We would quiet down, and maybe whisper one more secret between us before turning over and settling into our twin bed covers and pillows. Then, before drifting off to sleep, I would once again hear the slipping of the beads and her whispering lips praying her nighttime rosary. Mary, Mother of God, called upon once again for all of our sakes.

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John, Grandma & Me.

Seussical Musical – Grama crashes the party!
Grandma with author Devon
This Grama is Fun!


We never used the words “step” or “half”, when referring to the mom who raised us or to the relationship between brothers and sister. But we were not told who Grandma Tanberg really was until my older brother and I started questioning the fact that we had grandparents with three different last names.

Originally our questions met a stall tactic by my parents. They would respond with things like, “Well, aren’t you glad she IS your grandma?” This, of course, was true because she was so much fun to be with. The truth did not come out until our curiosity pushed the questioning further and this was middle grade school time.

The eventual explanation of our heritage was a very huge piece of life for us, as young children, to digest — especially because there was little more offered than the historical happening. The little boy in that bed with Grandma and the banana was the baby her daughter chose from an orphanage as her first child. Her daughter’s first-born child was me.

Grandma’s daughter — my birth mother — had gotten very ill with toxemia poisoning near the end of her pregnancy. Then, the doctors discovered she had only one kidney which was failing. I was born prematurely and barely survived. My mother died shortly after my birth. About two years later, my dad remarried, and their love for each other added another brother to the family.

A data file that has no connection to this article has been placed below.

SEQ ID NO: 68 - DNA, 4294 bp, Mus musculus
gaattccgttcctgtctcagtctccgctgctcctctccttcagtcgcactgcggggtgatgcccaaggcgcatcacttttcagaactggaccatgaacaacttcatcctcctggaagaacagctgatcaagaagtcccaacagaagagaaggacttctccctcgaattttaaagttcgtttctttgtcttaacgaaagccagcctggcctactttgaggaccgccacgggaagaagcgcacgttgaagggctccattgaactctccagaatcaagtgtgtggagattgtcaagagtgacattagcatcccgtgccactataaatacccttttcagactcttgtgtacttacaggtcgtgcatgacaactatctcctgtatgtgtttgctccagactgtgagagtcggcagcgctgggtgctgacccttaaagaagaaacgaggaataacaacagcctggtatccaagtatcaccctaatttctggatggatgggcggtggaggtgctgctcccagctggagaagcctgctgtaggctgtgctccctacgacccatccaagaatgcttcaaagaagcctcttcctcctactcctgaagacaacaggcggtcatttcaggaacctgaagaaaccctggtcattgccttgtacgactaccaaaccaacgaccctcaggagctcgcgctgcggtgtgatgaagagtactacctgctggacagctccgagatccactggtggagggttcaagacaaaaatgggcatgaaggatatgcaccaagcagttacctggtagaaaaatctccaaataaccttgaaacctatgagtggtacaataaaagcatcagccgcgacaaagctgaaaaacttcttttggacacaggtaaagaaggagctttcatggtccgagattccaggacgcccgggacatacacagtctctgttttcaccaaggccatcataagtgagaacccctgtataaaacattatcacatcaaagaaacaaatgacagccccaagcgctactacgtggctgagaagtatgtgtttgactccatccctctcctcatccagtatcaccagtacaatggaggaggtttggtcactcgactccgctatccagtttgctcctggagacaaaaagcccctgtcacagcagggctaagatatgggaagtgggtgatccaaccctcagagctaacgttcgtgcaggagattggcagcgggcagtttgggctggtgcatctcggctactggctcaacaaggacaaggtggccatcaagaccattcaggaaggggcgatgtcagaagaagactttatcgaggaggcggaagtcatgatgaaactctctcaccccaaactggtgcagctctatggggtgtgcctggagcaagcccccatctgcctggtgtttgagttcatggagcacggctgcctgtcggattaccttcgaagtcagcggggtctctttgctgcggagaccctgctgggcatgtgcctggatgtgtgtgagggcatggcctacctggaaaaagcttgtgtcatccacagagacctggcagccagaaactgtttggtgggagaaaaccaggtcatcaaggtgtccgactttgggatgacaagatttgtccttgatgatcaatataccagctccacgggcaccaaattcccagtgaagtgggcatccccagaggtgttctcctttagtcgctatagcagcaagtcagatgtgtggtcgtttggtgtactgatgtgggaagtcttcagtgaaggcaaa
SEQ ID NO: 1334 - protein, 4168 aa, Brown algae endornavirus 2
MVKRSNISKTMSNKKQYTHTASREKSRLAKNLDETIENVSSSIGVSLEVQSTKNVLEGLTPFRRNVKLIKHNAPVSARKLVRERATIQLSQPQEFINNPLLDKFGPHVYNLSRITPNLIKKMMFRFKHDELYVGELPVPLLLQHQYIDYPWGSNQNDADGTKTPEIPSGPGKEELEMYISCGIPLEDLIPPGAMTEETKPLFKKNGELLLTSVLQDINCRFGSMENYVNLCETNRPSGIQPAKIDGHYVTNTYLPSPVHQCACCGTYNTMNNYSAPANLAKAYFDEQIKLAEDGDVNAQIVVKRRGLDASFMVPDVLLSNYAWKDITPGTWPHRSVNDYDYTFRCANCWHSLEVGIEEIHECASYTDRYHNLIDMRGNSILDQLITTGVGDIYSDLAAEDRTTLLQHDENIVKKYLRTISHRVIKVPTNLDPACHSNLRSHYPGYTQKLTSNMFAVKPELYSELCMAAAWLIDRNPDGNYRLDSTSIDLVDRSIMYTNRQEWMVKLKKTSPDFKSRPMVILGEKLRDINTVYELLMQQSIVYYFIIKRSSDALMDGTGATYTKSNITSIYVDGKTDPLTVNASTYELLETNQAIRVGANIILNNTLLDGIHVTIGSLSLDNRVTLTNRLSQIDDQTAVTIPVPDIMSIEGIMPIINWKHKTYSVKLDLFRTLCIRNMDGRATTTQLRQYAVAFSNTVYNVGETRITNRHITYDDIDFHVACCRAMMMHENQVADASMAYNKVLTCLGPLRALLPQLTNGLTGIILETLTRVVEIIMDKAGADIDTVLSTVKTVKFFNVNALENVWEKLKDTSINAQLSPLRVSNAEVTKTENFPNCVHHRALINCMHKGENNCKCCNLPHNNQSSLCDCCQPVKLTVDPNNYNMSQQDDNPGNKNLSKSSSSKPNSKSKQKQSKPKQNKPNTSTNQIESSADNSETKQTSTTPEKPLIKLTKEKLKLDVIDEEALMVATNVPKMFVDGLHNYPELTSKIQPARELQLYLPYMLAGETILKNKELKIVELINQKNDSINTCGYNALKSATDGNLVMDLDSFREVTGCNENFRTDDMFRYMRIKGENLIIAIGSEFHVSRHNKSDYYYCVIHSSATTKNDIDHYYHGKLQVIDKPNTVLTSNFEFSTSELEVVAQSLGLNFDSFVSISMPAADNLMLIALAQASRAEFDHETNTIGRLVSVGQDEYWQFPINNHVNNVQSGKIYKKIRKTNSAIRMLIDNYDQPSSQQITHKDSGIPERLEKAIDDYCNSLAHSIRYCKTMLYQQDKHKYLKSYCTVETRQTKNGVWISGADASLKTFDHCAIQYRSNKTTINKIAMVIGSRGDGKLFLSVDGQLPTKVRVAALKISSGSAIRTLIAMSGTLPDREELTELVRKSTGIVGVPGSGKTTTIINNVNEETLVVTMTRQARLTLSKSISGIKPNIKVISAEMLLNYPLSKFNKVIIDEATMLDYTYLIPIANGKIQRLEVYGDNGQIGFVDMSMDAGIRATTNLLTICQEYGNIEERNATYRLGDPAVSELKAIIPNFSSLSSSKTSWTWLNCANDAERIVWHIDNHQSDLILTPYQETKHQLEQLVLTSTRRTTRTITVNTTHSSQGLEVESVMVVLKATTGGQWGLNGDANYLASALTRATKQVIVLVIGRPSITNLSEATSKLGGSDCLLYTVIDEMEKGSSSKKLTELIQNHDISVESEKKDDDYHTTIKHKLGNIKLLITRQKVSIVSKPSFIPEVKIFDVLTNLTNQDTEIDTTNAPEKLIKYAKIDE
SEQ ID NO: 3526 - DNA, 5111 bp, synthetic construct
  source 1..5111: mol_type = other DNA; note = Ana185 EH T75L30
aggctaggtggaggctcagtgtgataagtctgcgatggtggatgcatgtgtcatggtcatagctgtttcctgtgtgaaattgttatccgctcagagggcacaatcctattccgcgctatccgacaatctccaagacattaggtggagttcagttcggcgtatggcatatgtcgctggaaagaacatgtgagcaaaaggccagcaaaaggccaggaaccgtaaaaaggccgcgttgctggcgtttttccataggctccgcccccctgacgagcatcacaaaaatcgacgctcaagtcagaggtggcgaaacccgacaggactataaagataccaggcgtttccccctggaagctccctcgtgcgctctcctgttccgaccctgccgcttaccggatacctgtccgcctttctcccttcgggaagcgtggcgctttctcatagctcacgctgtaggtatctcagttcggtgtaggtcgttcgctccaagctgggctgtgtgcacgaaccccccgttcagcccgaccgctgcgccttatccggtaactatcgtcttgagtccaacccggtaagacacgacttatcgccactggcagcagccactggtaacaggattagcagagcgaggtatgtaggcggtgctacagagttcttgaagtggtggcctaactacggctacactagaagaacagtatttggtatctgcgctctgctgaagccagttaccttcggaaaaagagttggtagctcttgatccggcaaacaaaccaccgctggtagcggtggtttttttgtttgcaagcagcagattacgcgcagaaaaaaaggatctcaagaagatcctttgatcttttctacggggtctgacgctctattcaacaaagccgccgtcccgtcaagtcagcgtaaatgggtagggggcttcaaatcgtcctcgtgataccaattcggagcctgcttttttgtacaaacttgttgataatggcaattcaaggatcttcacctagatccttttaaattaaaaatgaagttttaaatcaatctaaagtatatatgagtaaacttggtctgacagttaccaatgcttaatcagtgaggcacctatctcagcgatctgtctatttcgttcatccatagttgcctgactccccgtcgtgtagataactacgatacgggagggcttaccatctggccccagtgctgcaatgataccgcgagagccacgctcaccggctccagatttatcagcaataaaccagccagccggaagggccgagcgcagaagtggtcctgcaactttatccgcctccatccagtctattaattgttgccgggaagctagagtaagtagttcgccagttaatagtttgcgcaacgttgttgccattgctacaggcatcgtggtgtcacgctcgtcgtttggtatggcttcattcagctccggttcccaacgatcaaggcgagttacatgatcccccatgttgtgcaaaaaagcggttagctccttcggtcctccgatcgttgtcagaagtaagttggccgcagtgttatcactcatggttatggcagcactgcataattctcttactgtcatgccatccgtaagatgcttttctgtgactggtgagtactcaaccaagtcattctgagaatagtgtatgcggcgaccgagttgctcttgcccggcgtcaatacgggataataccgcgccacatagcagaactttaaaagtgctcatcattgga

While there was no malicious intent to the secrecy, the outcome for me was the veiling of the identity of another very important person — my birth mother. After being told the factual information of my mother’s death, we were admonished not to talk about it because it was “nobody else’s business”.

It was my business, however, and I was haunted for many years with the desire to know the personality and reality of the person who gave life to me. I felt too tongue-tied to approach my father, who would have to relive his loss to answer my questions. I felt disloyal to question my second mom, but actually managed to expand my comfort zone to receive some information from her.

After I was married, and a mother myself, my search for knowing my mother as a person intensified. The birth of my first daughter brought the spirit of my birth mother very close to me, right into my hospital room to be exact.